The UK Information commissioner has fined Sony £250,000 for a shedload of security fail which led to millions of gamers' details getting leaked online in 2011. The privacy blunder happened in April 2011, when computer hackers targeted the Sony PlayStation Network.
The Information Commissioner's Office said the security breach was "one of the most serious" it has handled under the Data Protection Act. The £250,000 fine is the maximum penalty awarded by the ICO against a private company. The commissioner said that Sony should have known better as it trades on its technical expertise. He added that there was no doubt that they had access to both the technical knowledge and the resources to keep this information safe. David Smith, the ICO's deputy commissioner and director of data protection concluded that the attack could have been prevented if Sony's software had been up to date, and separately found that passwords were not handled securely by the games giant.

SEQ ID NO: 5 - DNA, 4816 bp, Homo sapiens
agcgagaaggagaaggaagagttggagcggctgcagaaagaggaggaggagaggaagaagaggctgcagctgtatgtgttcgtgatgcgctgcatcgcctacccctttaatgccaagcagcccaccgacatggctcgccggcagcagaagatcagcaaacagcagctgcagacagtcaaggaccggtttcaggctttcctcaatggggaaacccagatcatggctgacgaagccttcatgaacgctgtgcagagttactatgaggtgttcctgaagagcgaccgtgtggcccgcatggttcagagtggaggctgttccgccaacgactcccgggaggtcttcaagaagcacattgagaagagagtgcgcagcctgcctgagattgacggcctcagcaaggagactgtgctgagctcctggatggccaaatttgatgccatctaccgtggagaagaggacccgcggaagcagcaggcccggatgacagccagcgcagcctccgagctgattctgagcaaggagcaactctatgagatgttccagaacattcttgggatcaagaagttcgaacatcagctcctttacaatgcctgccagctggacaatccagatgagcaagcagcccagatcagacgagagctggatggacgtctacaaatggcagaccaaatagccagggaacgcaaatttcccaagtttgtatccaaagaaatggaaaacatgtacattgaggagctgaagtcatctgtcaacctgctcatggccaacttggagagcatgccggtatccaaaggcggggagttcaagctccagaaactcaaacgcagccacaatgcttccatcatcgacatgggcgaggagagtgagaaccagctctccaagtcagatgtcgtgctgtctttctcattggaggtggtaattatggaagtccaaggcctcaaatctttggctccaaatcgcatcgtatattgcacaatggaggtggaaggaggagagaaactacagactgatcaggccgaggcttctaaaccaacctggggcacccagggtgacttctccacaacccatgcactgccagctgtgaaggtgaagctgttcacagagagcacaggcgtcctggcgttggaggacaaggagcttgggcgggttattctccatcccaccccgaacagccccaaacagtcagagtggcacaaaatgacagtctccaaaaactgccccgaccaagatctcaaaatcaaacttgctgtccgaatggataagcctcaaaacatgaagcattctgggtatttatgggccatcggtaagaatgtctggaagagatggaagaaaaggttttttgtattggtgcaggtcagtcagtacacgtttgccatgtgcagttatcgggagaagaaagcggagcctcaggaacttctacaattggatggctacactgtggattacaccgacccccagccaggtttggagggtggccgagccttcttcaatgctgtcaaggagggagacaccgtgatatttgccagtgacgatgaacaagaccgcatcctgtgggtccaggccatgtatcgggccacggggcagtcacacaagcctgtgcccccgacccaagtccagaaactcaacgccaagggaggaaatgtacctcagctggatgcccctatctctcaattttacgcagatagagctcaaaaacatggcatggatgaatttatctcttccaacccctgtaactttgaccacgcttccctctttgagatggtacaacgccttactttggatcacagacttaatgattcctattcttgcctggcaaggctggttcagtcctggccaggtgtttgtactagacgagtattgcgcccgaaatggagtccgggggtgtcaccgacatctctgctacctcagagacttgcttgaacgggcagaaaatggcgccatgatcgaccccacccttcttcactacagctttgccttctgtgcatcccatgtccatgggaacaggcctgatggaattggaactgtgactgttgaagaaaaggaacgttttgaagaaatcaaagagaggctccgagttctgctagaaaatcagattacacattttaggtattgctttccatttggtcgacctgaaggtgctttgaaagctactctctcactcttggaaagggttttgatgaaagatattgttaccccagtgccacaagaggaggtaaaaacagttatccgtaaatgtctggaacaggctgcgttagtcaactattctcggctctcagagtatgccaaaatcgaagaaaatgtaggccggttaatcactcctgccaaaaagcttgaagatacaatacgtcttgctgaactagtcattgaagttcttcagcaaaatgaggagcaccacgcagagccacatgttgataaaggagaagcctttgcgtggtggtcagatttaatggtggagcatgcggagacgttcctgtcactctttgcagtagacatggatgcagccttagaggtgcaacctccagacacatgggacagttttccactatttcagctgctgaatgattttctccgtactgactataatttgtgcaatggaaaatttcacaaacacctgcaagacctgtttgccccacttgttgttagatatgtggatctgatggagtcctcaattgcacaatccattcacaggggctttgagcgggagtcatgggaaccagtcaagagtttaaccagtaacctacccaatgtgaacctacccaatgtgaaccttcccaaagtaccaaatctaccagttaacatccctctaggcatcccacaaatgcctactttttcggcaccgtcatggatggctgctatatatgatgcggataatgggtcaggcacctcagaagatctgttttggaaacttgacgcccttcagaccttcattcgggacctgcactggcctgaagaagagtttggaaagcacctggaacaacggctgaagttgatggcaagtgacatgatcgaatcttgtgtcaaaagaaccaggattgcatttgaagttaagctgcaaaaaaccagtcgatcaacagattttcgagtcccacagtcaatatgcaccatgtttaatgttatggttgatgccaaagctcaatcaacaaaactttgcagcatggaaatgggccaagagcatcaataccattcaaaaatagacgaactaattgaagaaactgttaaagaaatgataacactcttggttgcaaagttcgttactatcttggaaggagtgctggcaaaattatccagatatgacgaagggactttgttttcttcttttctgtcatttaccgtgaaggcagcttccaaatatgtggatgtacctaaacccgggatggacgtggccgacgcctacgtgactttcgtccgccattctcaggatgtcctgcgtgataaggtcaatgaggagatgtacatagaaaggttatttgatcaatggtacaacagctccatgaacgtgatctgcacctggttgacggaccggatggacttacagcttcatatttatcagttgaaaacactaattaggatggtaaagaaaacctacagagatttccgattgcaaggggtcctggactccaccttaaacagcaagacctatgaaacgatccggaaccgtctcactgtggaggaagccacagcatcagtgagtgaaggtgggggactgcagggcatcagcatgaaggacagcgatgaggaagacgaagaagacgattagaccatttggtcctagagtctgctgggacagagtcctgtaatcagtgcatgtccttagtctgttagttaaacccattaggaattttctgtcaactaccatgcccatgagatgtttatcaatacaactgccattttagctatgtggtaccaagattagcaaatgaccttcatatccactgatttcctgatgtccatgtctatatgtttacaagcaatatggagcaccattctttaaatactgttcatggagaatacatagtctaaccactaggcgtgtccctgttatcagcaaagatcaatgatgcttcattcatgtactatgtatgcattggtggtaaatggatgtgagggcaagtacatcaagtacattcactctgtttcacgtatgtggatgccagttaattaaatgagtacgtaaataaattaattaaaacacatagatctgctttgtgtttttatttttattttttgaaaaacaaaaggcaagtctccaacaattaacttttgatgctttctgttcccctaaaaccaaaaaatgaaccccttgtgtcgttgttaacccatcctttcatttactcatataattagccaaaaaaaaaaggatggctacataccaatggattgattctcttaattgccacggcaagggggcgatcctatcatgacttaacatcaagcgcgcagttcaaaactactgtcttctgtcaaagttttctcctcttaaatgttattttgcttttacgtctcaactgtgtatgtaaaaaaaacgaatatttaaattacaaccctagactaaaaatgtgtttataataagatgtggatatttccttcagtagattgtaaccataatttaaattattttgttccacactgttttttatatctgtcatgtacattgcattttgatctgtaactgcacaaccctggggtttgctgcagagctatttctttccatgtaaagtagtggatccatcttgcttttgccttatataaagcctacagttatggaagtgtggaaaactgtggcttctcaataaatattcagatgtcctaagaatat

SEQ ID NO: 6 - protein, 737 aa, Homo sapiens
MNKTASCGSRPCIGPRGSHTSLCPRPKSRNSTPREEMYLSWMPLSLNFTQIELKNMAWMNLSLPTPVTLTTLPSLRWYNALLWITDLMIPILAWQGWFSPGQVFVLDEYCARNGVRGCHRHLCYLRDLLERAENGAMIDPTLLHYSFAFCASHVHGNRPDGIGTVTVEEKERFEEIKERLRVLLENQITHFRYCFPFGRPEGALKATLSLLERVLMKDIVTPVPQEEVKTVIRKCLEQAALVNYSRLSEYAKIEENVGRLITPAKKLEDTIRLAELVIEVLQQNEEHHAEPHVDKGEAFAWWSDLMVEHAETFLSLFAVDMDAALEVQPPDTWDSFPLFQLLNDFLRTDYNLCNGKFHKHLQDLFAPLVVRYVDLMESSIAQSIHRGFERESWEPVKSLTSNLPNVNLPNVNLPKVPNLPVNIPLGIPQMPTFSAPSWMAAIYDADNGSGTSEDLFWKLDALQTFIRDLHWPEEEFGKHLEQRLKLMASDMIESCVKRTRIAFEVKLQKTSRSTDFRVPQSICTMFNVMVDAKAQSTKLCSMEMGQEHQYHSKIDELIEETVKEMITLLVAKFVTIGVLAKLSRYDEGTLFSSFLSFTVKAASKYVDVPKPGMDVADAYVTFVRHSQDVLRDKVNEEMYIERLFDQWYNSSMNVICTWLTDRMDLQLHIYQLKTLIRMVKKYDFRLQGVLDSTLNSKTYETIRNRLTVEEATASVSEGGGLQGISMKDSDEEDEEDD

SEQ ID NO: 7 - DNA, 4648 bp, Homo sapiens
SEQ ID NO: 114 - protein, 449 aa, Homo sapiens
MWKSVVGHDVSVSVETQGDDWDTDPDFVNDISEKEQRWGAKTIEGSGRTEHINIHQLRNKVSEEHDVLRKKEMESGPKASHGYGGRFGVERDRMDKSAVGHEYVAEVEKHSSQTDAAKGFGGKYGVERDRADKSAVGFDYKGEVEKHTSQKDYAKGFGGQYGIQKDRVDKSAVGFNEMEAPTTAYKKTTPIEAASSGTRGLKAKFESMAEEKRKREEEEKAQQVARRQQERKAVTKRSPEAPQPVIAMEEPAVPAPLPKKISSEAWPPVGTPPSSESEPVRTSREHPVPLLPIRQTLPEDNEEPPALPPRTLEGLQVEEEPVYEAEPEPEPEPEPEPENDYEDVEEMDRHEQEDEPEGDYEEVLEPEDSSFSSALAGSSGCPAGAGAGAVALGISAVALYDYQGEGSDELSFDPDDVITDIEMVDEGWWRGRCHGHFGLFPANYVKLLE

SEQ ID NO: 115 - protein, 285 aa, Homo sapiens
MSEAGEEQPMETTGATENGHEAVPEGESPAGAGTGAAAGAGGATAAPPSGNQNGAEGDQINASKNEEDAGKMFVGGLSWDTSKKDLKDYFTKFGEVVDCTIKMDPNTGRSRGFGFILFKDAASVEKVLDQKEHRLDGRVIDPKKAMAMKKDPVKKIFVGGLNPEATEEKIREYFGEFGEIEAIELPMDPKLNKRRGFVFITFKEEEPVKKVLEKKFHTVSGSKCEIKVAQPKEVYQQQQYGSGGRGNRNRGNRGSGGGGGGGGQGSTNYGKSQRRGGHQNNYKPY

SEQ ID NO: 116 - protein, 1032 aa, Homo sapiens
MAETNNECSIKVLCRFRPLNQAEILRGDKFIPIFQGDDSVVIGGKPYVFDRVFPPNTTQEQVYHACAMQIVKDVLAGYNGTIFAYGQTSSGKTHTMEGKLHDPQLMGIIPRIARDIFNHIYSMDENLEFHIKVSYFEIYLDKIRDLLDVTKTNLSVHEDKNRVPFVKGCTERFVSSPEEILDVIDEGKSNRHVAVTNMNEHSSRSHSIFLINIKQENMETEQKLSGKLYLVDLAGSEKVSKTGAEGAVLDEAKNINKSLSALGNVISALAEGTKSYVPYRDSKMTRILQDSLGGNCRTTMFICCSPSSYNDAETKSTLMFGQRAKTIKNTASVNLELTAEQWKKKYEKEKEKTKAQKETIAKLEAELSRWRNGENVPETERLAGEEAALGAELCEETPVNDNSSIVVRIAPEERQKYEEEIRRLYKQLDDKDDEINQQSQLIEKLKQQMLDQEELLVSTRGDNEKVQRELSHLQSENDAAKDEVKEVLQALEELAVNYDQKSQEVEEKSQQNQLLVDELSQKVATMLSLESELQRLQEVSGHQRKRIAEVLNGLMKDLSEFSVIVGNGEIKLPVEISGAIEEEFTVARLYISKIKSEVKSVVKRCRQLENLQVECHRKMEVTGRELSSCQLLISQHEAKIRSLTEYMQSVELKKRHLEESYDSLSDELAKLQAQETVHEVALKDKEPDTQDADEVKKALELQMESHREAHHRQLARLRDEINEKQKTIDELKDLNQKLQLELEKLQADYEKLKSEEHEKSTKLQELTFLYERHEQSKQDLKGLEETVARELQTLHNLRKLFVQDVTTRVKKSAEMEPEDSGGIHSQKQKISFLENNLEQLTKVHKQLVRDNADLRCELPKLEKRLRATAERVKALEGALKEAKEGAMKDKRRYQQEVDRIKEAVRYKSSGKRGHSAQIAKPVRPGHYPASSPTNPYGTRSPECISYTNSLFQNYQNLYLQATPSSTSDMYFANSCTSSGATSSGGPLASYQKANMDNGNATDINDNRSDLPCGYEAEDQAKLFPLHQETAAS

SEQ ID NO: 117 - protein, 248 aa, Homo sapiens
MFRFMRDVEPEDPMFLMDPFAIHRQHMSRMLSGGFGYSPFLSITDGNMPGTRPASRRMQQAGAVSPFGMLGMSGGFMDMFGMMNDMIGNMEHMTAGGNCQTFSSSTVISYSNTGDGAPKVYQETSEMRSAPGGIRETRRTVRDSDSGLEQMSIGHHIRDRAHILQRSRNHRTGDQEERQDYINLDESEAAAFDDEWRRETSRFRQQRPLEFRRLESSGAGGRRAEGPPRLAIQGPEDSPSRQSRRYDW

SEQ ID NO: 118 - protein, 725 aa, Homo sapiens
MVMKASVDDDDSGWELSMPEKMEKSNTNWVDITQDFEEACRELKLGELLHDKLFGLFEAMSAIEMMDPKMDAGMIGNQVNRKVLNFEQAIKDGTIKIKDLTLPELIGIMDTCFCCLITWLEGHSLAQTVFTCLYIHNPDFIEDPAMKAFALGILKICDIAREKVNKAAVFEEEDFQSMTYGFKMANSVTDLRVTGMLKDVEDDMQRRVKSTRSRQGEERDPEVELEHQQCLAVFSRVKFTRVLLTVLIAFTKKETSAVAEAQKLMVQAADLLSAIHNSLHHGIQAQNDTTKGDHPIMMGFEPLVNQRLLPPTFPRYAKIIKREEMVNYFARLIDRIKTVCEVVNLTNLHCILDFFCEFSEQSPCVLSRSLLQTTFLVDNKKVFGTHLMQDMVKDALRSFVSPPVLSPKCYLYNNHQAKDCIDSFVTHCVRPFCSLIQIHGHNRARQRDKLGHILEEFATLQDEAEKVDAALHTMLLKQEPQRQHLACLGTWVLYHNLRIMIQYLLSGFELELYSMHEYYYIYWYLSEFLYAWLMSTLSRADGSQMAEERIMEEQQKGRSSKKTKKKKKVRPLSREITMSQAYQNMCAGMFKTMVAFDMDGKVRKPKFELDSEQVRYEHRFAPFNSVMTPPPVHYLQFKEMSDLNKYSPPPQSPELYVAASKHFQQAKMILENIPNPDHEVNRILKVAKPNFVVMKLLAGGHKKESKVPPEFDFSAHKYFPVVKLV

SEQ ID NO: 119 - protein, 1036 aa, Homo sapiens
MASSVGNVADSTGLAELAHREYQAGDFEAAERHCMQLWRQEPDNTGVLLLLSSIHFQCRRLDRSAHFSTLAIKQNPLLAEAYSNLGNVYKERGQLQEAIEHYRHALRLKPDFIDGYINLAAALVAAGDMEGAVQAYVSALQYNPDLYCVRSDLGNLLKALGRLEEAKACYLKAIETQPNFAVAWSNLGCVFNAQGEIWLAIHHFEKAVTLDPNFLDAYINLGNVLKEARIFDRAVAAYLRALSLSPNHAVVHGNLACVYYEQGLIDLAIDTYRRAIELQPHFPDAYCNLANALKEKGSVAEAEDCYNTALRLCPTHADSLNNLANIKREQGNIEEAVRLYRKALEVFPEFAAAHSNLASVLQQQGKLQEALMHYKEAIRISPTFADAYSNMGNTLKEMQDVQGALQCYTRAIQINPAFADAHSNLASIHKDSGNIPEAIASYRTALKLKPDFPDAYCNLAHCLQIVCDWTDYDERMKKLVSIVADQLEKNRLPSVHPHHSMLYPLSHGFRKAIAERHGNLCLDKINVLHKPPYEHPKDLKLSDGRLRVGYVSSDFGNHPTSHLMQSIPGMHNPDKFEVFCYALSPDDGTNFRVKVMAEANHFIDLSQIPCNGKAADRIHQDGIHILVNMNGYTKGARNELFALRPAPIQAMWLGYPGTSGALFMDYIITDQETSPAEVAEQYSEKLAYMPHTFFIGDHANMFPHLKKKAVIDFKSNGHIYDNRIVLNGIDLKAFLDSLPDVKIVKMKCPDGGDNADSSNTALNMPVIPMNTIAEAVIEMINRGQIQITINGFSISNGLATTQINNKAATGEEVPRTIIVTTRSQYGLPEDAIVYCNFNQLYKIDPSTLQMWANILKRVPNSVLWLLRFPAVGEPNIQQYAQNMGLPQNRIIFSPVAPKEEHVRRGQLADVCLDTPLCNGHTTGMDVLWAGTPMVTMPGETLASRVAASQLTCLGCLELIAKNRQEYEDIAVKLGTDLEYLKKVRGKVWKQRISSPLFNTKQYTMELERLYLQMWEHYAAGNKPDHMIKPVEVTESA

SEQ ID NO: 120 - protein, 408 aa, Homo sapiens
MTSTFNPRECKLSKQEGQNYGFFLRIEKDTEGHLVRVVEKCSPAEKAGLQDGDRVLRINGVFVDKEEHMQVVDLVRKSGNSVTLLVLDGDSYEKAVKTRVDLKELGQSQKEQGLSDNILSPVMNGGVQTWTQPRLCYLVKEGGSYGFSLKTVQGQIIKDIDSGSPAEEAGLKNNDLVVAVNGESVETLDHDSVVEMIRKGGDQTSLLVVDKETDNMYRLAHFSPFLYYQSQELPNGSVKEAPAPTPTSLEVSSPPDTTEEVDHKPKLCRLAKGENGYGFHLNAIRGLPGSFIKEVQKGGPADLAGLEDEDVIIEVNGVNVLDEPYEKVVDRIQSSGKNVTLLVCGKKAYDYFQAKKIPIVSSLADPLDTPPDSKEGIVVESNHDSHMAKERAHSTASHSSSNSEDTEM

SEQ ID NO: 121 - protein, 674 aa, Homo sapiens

Smith said: "If you are responsible for so many payment card details and log-in details then keeping that personal data secure has to be your priority. In this case that just didn't happen, and when the database was targeted – albeit in a determined criminal attack – the security measures in place were simply not good enough.
"The penalty we've issued today is clearly substantial, but we make no apologies for that. The case is one of the most serious ever reported to us. It directly affected a huge number of consumers, and at the very least put them at risk of identity theft."